Saturday, October 24

Configuring an etcd cluster for Kubernetes

Etcd is the primary cluster status storage for Kubernetes. In this article, we will discuss the basics of etcd functioning in Kubernetes and show how to configure an etcd cluster.

Also, we will explain how to enable SSL/TLS encryption for data exchanged between cluster nodes and etcd to raise the security and reliability level of the etcd.

Etcd is an open-source distributed storage of the “key-value” type. Initially, the etcd was created for CoreOS, but now it is available for OS X, Linux, and BSD.

Etcd is written in Go like Kubernetes itself and employs the Raft consensus algorithm to ensure a highly available data replication. The distributed systems support makes it a widespread choice for Kubernetes, Cloud Foundry, Fleet, and other projects.

Why would you need an etcd cluster in Kubernetes?

Etcd is a database for Kubernetes, a critical component of any cluster. It contains all information needed for the correct operation of the cluster.

You can run etcd (1) on the same nodes as Kubernetes cluster, or (2) on separate systems or (3) as a node in the Kubernetes cluster. Regardless of configuration, the main task is to ensure consistency of the data and resiliency of the cluster. If etcd is run in several replicas, either on separate systems or together with the Kubernetes, it will ensure continuity of the cluster operation in case a Kubernetes node is down.

A three-node etcd cluster


What should an etcd cluster look like?

In theory, the amount of nodes in an etcd cluster is unlimited. The more nodes there are, the more reliable the cluster is. However, the data recording latency grows with the size of the cluster as the data is replicated on more nodes. Optimal etcd cluster should include seven nodes maximum, and in most cases, five nodes are enough. For example, Google uses clusters of this size in its internal service similar to etcd.

A 5-node cluster will allow you to stay online even if two nodes are down. In this case, you will still have three nodes online. To protect yourself in case of failure of 3 nodes, you will need a 7-node cluster, etc.

As you can see, it is better to use an uneven number of nodes. This data matching between the nodes in the cluster is done using a quorum mechanism that ultimately ensures its resilience. For example, for a 5-node cluster, the quorum will be three nodes (i.e., the cluster can loose two nodes and will be still operational). It would seem that the more nodes, the better and adding the sixth node will be useful, but the quorum in the 6-node cluster will be four nodes. Therefore this cluster will stay online only if the maximum two nodes are down, just as the 5-node cluster. But it has more nodes, and each of them can fail. You can find more details regarding the optimal number of nodes here.

Some more important things to note:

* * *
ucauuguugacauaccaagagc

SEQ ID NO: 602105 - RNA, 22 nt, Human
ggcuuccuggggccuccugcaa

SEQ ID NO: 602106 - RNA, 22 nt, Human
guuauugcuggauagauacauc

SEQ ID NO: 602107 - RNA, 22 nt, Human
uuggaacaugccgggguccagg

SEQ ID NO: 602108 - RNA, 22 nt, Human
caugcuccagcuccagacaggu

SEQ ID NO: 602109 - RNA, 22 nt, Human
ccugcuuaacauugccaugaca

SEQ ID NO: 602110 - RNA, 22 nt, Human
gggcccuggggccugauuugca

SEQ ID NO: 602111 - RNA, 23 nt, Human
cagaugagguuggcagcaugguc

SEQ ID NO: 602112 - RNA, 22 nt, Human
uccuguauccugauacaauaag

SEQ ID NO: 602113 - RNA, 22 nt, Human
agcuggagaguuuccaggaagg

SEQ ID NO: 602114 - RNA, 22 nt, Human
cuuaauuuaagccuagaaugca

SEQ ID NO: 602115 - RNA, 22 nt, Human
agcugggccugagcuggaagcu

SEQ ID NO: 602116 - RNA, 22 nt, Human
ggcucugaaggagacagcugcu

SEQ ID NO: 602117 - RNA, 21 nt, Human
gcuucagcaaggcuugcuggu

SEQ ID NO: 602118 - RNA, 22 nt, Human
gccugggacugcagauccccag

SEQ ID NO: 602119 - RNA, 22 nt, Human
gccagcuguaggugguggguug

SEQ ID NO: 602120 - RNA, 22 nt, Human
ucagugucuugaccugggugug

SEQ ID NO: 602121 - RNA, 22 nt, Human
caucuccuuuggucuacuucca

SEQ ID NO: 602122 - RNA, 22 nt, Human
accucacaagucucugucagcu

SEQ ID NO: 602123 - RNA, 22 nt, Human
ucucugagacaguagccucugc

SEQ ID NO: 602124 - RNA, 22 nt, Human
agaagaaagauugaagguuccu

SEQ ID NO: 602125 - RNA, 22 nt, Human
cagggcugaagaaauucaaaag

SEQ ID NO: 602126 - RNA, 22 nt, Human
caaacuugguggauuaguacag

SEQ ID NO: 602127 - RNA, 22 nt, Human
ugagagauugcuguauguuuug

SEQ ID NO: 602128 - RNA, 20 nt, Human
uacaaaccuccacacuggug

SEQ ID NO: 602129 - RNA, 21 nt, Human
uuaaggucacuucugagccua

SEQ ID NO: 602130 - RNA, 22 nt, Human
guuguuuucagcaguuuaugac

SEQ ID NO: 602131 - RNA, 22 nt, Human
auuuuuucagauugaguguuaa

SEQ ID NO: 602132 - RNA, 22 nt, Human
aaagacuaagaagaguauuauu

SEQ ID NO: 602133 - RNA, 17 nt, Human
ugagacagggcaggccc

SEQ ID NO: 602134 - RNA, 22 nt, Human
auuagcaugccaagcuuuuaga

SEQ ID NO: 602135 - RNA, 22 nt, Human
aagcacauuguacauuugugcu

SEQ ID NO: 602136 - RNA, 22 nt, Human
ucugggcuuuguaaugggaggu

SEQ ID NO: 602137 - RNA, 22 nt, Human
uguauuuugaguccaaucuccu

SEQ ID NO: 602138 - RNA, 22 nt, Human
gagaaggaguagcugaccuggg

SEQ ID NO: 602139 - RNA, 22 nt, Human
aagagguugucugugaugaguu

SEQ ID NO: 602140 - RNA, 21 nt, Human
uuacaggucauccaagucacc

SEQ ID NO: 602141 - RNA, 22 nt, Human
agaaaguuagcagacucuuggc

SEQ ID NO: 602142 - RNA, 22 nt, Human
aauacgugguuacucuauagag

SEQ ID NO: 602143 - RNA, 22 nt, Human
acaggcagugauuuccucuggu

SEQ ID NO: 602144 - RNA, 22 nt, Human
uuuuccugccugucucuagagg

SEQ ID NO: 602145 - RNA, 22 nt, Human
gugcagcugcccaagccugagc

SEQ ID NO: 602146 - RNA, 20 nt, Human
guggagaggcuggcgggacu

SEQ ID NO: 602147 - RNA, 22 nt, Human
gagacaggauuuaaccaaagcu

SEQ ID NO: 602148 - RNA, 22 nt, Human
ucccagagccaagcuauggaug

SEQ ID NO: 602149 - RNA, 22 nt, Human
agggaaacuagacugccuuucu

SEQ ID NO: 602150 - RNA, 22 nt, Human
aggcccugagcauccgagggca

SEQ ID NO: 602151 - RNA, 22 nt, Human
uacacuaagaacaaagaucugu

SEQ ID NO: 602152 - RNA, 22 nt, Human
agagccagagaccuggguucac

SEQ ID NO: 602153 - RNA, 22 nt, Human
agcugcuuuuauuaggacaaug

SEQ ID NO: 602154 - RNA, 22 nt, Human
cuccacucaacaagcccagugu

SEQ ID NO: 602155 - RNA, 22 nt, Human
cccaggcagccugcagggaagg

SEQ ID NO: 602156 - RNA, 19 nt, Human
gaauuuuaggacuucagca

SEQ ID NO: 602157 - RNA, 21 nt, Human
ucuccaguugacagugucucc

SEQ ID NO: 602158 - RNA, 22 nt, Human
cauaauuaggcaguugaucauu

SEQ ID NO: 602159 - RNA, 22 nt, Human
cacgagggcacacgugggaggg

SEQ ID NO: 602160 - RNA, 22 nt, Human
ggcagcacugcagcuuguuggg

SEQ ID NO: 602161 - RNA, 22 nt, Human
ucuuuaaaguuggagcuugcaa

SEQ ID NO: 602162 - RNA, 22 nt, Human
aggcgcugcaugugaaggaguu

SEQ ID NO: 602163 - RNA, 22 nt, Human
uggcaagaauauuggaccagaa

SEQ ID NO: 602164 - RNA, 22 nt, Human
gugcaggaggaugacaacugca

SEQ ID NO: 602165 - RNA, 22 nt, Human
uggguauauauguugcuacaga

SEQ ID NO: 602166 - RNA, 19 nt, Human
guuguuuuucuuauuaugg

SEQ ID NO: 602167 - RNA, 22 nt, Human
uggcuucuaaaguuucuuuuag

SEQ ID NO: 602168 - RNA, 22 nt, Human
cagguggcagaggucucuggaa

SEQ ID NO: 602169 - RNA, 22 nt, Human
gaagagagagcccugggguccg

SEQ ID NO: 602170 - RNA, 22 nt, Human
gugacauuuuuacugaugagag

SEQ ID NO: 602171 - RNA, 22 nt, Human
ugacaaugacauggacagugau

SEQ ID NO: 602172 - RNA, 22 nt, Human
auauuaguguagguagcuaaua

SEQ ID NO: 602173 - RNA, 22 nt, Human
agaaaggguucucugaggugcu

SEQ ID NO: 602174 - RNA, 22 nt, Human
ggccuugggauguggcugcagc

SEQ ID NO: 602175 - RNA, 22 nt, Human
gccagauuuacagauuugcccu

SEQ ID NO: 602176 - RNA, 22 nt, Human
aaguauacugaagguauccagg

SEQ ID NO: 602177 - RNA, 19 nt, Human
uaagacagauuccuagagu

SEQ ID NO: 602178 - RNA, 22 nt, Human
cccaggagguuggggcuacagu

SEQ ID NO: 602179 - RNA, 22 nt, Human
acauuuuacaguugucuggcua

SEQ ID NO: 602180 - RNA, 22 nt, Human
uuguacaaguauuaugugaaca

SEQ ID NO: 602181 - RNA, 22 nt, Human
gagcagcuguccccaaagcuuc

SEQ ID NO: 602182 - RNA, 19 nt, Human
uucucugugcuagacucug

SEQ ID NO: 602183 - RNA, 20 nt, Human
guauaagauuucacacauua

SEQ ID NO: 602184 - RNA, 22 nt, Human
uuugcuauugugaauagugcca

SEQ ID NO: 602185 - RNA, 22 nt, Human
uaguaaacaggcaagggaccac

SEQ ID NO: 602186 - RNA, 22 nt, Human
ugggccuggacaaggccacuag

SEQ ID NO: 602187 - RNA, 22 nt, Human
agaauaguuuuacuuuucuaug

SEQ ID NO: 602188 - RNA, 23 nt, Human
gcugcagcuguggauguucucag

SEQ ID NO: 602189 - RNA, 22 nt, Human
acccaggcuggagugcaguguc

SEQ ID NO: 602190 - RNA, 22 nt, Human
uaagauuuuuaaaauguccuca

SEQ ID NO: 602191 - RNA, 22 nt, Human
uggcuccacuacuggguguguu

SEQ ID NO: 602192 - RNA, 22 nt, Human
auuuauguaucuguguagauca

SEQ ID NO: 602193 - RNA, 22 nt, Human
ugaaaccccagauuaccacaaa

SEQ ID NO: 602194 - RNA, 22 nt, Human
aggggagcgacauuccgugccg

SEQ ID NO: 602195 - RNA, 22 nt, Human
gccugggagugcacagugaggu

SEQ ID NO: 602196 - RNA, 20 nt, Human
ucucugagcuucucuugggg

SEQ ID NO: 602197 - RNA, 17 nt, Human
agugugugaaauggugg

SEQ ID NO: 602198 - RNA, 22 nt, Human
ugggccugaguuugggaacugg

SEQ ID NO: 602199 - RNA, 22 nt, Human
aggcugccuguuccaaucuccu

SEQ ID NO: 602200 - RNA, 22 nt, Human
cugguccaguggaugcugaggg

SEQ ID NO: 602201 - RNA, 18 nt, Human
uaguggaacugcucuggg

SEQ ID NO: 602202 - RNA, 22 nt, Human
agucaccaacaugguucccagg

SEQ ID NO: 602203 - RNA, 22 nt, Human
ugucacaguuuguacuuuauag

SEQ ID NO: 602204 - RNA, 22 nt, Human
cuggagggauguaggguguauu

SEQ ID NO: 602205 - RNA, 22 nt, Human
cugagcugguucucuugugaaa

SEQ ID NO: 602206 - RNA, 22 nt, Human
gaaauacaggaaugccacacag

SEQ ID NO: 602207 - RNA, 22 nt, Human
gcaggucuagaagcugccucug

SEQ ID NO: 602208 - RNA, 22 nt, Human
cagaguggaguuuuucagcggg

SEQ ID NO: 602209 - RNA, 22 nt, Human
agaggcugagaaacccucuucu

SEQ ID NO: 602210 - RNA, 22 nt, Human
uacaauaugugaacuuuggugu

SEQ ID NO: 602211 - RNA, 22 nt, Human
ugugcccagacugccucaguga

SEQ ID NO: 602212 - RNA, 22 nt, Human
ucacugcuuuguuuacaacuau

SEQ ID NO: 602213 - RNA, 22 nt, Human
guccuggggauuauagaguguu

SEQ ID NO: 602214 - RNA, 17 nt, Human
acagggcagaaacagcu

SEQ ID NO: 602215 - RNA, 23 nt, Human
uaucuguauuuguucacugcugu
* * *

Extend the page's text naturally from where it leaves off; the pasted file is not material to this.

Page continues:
• It is better to run an etcd cluster on separate nodes.
  • You should always monitor that all nodes have enough available resources to accommodate new data.
  • Recommended etcd version for production is 3.2.24 and up. Earlier versions do not ensure smooth operation with newer versions of Kubernetes (1.12 and 1.13).

Effective and reliable operation of clusters depends on disk I/O to a large extent. To achieve reliability, etcd writes its metadata to a log and constantly runs health checks to remove expired data from that log. High I/O latency may result in mistiming of cluster status data, and that will lead to unstable work and re-election of the etcd master.  Moreover, lack of resources may lead to etcd cluster component mistiming, and inability to write information to etcd or launch new nodes in Kubernetes clusters. That is why it is recommended to run etcd on SSDs.

Our example architecture

In this article, we will create a 3-node etcd cluster. If you need a larger cluster, then change the number of nodes and their addresses in the configuration files presented below accordingly.

In order to run etcd, you must have a Kubernetes cluster and a configured kubectl utility.

Setting up the etcd cluster

In this section, we will set up a cluster and install etcd from the standard repository. We will use three virtual nodes with CentOS 7.5. Components communicate using IP-addresses and hostnames

  • etcd1
  • etcd2
  • etcd3

Note: It is recommended that nodes intended to run etcd are configured to use a separate internal subnetwork for peer-to-peer communication.

Preliminary configuration

In our example, we will not use an internal DNS, and therefore we will have to specify the hostnames in the /etc/hosts file on every node in the etcd cluster. If we had a DNS server, then we would be able to communicate with the nodes directly using hostnames.


So, let’s enter the hostnames

# replace the hostnames and their addresses with actual ones etcd1 etcd2 etcd3


setenforce 0

sed -i ‘s/^SELINUX=.*/SELINUX=disabled/g’ /etc/sysconfig/selinux

firewall-cmd –add-port={2379,2380}/tcp –permanent

firewall-cmd –reload

Installing the etcd packages on all nodes